5. Misc. Drillwork or Activities – This is the part in which continues the cycle of students not being able to find their identities as fighters. As a uniform class, fighters are forced to dumb-down their techniques and work-out for the rest of the class. Conversely, the weakest fighter has to lose valuable fundamental practice time to trying to keep up with the Dempsey’s, uhh, I mean dummies. This is why I would rather my fighters drill on a dummy, literally, when they are not sparring with another fighter.
Here are some more issues to consider separating martial arts training to conditioning and drop the traditional line and drill classes:
• It is only a money issue. Gym owners want to fit in as many people as possible and make them think they’re maximizing their training.
• Generic techniques, pace, and mistakes. While the rest of the class may be performing perfectly, one guy may be forced to practice doing the next thing wrong. This is too often counter productive to an individual’s growth as a martial artist.
• Pairing up, as stated above. There is no other way martial arts schools know how to get a martial artist to work on various techniques, but in class people get bad habits from no one other than their partners. You would not even have a baseball manager dictating what a pitcher would throw, so a trainer should not dictate what a fighter should throw to someone else’s feed.
• Attendees self-govern themselves and have a false sense of guidance.
• You can’t stop class. If you need help, don’t count on working at a pace you need.
• Gym owners blend lectured work-outs with technical training. This is one of the worst mistakes martial art schools make. It is a very dangerous practice, as each student is at a different level. Out of 10 black belts, there is likely a best and a worst. Fight training should never be rigidly paced with other people.
• Fighters need a lot of time to develop on their own. The karate kid painting the fence is probably more productive than a mass dictation of: “jabàuppercutàstep forwardàand knee.” The reason is that one should not practice a next move without being extensively trained and efficient with the first skill. You should never throw a 1-2 combo without the jab being done virtually perfectly.
• Tae-Bo is just as good for a workout, if that’s all you want. Classes are ONLY good for a workout. So if you are not given the liberty to train techniques at your own pace and exercise at another given time, if you need it, join another gym.
• Real fighters are self-motivated. They get the necessary repetition on their own time.
• Anyone still working on fundamentals has no business doing a skill-conditioning work-out. Those “beginners” NEED personal attention. There’s no short cut to teaching properly.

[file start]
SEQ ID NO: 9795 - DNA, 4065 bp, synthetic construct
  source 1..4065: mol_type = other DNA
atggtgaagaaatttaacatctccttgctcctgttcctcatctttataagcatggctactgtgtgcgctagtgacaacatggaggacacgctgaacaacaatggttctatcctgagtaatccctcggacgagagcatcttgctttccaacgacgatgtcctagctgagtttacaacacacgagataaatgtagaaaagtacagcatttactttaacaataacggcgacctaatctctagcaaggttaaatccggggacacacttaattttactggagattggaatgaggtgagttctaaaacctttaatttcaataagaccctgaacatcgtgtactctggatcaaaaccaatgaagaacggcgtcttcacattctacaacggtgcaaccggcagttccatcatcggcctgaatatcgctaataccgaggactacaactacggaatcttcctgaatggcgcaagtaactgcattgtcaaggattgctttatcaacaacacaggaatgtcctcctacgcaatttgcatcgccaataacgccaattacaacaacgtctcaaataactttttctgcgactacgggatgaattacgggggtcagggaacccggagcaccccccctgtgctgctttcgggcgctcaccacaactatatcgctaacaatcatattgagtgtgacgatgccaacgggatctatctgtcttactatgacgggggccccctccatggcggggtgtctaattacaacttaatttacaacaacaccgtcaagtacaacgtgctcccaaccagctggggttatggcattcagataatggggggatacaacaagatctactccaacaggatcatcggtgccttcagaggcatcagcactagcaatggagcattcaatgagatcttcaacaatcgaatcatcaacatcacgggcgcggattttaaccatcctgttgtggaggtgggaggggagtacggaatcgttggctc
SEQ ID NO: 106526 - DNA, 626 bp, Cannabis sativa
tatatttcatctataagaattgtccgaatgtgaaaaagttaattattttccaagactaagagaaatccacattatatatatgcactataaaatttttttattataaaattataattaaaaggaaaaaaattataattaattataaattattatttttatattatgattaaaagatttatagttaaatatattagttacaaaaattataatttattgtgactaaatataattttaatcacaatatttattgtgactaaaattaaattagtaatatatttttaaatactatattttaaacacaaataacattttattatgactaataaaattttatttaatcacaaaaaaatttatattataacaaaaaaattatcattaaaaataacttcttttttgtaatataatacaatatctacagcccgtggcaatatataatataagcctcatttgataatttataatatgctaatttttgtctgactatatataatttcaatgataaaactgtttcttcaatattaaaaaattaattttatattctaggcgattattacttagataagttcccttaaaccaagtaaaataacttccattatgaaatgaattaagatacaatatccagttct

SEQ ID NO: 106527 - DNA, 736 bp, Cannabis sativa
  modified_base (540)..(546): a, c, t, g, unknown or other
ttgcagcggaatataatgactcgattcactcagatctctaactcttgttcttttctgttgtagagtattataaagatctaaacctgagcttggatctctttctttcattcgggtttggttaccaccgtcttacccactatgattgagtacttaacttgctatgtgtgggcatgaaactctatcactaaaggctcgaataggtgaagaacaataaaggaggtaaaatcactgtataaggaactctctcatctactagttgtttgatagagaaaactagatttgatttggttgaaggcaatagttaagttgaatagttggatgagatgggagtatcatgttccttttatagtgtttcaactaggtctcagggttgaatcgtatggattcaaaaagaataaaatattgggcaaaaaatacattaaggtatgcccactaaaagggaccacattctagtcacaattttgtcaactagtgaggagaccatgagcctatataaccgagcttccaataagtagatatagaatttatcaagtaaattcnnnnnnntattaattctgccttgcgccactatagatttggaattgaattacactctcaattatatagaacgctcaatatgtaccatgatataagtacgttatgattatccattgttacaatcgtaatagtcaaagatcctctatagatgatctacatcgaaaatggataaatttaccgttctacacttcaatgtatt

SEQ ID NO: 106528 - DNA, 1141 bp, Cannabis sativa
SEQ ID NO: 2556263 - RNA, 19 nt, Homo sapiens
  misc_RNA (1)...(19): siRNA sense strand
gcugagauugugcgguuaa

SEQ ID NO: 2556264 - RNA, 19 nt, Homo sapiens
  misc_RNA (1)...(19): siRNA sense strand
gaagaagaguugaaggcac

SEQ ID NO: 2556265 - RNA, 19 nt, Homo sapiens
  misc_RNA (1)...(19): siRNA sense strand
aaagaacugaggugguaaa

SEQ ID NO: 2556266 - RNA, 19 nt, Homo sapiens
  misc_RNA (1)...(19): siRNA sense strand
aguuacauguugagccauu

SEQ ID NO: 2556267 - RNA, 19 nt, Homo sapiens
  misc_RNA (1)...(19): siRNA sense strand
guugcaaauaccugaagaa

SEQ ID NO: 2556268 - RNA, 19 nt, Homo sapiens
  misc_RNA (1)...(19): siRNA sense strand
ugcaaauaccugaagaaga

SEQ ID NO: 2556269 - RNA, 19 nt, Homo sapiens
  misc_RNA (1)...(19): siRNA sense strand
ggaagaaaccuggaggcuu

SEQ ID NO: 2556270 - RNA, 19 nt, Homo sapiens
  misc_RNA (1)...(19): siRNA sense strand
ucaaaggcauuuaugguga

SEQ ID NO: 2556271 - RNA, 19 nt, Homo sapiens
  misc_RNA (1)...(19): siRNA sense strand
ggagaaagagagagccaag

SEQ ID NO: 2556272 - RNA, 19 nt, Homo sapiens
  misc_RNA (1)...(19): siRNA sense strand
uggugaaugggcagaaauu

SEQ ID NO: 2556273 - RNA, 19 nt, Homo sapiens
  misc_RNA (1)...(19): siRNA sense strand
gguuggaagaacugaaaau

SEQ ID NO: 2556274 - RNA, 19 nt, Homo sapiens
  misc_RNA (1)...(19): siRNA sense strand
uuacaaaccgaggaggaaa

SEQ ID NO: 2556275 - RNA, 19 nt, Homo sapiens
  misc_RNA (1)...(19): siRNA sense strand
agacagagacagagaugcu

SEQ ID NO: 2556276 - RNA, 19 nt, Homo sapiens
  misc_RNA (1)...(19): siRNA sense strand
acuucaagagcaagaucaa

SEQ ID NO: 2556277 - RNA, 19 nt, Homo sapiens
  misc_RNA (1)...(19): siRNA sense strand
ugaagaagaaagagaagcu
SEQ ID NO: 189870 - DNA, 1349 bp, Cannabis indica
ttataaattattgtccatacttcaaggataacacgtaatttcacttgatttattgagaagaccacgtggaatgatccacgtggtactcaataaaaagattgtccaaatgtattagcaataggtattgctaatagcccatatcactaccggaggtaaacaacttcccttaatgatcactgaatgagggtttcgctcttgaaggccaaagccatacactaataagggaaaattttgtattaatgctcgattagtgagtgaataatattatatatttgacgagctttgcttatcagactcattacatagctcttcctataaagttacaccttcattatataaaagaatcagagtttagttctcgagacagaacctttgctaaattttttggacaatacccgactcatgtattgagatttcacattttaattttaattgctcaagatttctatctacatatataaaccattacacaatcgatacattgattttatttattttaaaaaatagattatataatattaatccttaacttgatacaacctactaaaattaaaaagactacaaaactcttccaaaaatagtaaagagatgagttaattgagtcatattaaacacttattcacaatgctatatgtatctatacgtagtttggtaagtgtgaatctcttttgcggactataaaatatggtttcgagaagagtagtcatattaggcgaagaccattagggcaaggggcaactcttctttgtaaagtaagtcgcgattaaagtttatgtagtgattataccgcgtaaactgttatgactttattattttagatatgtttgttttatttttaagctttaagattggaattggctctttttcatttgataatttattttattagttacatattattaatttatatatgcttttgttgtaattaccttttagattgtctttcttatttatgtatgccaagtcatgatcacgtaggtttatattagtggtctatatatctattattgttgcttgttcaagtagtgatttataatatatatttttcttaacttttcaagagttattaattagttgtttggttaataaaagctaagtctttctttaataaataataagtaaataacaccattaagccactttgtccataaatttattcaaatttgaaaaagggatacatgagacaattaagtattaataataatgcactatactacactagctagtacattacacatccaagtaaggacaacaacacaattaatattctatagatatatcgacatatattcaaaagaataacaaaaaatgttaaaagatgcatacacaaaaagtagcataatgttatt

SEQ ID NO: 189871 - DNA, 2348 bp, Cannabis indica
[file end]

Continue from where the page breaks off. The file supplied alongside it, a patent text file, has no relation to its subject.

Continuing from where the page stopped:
The only way classes could work is by being general with the drills… but a class should NEVER consist of working specific, generic sequences or combos. It should be general angles and moves in which each participant moves freely. There will never be a drill class that is more technically productive than a group of students shadow-boxing or hitting heavybags at their own paces with the instructor giving tips. Even beginning fighters “learn” themselves early, what they are deficient in, and what they need tweaking in, so they shouldn’t mix with everyone else’s issues. And top pros don’t get maximum work until they work their own programs and ditch drill classes. A good work-out does not equal to good martial arts training. Why shouldn’t everyone be afforded some of the quality of one-to-one training? Martial arts is not a team sport, so why train as a team if it doesn’t work?
Martial arts is like learning how to write in many respects. Everyone writes differently, but each person follows the fundamentals. Drill classes are gimmicks that force feed everyone generic processes for training. People like to be told what to do every second, and it makes people feel like they’re doing more. Quality work, on the other hand, comes from concentration and motivation—each of it comes from oneself. People also like to work with partners, but that false feedback can be dangerous to the growth of the fighter. Feedback will come from one-to-one guidance and oneself. A good class structure should teach martial artists to be self-motivated and not need cheerleaders and run-of-the-mill instructors who act like big brothers showing off how ‘they’ do it.
For those who want to be in a class doing everything everyone else is doing, they should consider synchronized exercise like Tae-Bo – but they should not fool themselves that they are on a martial arts track and not in generic exercise. They should consider why they want to be on everyone else’s syllabus. Maybe they just want to hang out with friends. If the best way for a person is a regimen that matches no one else’s, how can a personal program with a coach’s guidance fit that person’s needs?
Many school owners think it’s impossible to handle large groups of people without drill classes and pairing up, but they are sorely mistaken. For an alternative to drill classes, get personal training or join a gym that promises one-to-one time and Personalized Program Training™.